Poverty And The Deterioration Of Natural Soil Capital In The Peruvian Altiplano
AbstractThe most severe challenges to sustainable development occur where many poor people struggle to eke out a living from marginal lands. In some cases, high human populations on fragile lands have led agricultural productivity to deteriorate (García-Barrios and García-Barrios, 1990, Mink, 1993, Zimmerer, 1993), but likewise intensification in some locales has led to sustainable productivity increases (Boserup, 1965, Tiffen, et al., 1994). These mixed results beg closer inquiry, in order to understand how contrary outcomes can come about. For the context of Peru's chilly high plain surrounding Lake Titicaca, this paper examines changes in the stock of natural capital in agricultural soils, how that came about, and what policy tools might contribute to sustaining this key natural capital stock and the agricultural productivity that it enables.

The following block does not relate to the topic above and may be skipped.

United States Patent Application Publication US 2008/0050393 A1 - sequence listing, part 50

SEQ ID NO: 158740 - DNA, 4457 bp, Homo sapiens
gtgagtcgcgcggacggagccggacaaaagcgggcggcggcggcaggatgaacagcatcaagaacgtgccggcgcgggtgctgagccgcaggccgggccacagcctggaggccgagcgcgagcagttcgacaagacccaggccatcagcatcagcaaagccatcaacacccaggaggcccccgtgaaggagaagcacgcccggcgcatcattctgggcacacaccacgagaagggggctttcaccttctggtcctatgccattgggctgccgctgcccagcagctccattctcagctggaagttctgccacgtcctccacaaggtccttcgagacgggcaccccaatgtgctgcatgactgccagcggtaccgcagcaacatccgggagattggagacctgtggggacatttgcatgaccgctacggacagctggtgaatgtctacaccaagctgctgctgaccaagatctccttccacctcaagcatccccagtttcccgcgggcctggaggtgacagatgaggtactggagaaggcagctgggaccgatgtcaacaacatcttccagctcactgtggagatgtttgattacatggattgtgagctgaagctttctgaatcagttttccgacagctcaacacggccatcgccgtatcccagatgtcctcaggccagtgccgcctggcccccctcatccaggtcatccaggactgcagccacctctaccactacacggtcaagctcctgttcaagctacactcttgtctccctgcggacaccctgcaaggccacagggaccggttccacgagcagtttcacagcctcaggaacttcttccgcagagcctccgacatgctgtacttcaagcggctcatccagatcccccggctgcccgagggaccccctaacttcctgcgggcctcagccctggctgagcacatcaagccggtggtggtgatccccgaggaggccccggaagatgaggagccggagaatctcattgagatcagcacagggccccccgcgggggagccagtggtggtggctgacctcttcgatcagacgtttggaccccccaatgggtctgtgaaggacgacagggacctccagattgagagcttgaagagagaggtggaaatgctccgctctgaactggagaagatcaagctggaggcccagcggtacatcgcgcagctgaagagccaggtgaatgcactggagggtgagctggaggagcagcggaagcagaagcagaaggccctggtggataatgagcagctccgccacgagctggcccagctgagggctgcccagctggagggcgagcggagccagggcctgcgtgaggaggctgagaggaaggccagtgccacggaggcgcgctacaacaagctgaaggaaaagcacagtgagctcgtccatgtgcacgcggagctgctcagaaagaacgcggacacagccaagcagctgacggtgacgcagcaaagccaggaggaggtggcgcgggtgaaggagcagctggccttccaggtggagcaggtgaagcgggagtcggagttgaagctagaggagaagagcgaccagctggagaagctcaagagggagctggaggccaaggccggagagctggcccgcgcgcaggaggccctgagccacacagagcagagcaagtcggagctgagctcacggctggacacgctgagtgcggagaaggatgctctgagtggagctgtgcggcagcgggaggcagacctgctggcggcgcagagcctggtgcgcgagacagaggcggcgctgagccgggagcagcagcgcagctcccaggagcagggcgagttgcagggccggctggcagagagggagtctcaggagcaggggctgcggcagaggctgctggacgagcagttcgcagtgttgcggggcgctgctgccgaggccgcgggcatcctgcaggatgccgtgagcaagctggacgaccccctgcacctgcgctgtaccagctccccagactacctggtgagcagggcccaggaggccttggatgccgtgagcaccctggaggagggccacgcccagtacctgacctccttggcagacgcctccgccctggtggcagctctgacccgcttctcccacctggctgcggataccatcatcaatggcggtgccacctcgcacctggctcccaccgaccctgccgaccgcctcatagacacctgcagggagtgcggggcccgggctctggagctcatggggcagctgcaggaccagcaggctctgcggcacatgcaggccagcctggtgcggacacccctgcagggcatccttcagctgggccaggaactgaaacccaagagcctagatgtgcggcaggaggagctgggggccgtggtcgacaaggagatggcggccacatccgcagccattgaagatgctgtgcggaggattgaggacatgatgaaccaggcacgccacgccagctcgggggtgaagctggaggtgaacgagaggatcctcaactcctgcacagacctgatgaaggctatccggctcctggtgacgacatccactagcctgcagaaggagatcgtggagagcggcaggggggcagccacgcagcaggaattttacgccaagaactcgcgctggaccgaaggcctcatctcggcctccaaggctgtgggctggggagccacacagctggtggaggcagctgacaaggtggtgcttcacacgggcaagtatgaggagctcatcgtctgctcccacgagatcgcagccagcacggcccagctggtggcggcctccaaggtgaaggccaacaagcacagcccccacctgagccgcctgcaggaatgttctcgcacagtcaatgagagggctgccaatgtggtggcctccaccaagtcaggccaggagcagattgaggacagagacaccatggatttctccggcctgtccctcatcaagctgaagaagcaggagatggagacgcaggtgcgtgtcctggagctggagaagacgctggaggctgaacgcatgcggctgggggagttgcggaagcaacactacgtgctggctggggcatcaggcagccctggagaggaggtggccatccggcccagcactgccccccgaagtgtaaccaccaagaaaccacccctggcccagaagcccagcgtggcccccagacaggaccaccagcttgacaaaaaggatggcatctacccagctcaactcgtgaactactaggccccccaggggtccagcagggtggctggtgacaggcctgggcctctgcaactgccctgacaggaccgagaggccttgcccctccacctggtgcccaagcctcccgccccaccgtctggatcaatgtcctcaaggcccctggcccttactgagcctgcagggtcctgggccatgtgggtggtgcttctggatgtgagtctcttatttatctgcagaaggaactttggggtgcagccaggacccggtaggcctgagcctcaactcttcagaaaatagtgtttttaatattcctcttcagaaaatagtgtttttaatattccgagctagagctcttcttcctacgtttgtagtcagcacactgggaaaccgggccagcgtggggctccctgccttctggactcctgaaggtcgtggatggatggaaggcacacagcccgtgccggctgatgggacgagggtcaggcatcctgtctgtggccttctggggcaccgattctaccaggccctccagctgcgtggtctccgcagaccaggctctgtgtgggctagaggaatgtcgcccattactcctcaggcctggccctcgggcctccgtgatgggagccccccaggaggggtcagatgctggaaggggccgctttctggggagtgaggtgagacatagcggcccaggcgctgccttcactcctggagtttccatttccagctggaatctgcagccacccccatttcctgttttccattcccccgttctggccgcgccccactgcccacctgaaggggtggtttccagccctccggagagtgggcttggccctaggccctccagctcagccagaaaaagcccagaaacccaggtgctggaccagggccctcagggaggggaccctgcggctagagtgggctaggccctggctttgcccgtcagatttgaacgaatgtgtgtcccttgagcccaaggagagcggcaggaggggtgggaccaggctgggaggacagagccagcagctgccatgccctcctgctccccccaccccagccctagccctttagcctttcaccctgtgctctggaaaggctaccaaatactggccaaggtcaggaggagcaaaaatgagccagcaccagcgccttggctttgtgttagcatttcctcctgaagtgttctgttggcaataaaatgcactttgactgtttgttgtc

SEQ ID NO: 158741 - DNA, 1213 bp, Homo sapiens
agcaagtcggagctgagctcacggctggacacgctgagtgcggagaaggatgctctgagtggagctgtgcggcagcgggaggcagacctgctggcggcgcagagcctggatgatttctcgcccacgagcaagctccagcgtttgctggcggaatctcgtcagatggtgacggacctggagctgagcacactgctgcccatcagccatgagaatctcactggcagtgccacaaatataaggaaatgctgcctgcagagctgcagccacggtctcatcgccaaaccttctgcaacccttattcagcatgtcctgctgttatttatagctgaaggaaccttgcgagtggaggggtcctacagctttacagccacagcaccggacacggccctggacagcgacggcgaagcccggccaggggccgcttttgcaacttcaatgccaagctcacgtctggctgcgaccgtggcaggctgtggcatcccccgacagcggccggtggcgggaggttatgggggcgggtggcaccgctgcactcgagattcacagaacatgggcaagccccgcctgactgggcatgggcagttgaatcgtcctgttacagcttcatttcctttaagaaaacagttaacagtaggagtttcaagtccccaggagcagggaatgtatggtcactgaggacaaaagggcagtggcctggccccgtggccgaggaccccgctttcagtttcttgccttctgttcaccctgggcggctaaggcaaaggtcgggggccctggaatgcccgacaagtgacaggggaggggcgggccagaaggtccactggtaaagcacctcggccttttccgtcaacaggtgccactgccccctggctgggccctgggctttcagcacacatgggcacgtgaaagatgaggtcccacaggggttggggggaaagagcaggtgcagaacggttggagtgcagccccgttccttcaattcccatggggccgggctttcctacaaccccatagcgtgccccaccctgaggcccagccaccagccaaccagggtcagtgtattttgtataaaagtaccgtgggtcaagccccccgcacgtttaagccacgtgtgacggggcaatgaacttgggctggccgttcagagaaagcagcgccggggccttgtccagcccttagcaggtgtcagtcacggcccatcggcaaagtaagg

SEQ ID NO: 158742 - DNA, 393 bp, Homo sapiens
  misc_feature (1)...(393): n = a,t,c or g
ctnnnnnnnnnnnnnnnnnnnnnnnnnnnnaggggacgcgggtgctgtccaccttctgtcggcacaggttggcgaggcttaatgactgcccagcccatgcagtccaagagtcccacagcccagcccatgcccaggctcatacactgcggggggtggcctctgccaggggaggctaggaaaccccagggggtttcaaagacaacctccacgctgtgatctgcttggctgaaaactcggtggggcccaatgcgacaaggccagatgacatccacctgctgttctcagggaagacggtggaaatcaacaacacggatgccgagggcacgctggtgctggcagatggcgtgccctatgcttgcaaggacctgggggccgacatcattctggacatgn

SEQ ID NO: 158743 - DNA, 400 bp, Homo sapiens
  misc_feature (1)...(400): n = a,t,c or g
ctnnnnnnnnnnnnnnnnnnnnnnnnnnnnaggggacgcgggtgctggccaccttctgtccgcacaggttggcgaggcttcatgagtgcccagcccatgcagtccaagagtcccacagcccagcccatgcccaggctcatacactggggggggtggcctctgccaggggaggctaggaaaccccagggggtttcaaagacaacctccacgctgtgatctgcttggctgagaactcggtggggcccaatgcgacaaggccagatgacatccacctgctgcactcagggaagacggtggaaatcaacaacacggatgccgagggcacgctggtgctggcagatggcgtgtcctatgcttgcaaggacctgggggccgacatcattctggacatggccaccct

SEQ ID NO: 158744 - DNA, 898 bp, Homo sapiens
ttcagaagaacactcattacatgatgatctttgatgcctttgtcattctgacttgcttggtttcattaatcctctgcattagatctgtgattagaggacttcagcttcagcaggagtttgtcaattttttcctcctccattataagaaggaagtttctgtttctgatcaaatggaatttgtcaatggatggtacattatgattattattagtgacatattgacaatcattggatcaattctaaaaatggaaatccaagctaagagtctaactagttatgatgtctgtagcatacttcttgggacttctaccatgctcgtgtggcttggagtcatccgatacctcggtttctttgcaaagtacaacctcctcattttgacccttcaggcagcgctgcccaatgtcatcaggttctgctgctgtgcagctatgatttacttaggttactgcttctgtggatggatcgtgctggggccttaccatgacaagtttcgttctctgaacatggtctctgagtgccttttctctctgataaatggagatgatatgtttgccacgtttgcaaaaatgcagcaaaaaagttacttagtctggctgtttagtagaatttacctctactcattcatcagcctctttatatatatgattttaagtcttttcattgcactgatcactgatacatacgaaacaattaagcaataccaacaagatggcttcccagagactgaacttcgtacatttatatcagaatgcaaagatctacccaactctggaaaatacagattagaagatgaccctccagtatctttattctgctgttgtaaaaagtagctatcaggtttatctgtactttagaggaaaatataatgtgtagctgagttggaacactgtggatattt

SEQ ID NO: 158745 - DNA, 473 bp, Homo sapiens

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Bibliographic InfoPaper provided by Michigan State University, Department of Agricultural, Food, and Resource Economics in its series Staff Papers with number 11693.
Date of creation: 2002
Date of revision:
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Postal: Justin S. Morrill Hall of Agriculture, 446 West Circle Dr., Rm 202, East Lansing, MI 48824-1039
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Web page: http://www.aec.msu.edu/agecon/
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Food Security and Poverty; Land Economics/Use;
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- Scott Swinton & Roberto Quiroz, 2003. "Poverty and the Deterioration of Natural Soil Capital in the Peruvian Altiplano," Environment, Development and Sustainability, Springer, vol. 5(3), pages 477-490, September.
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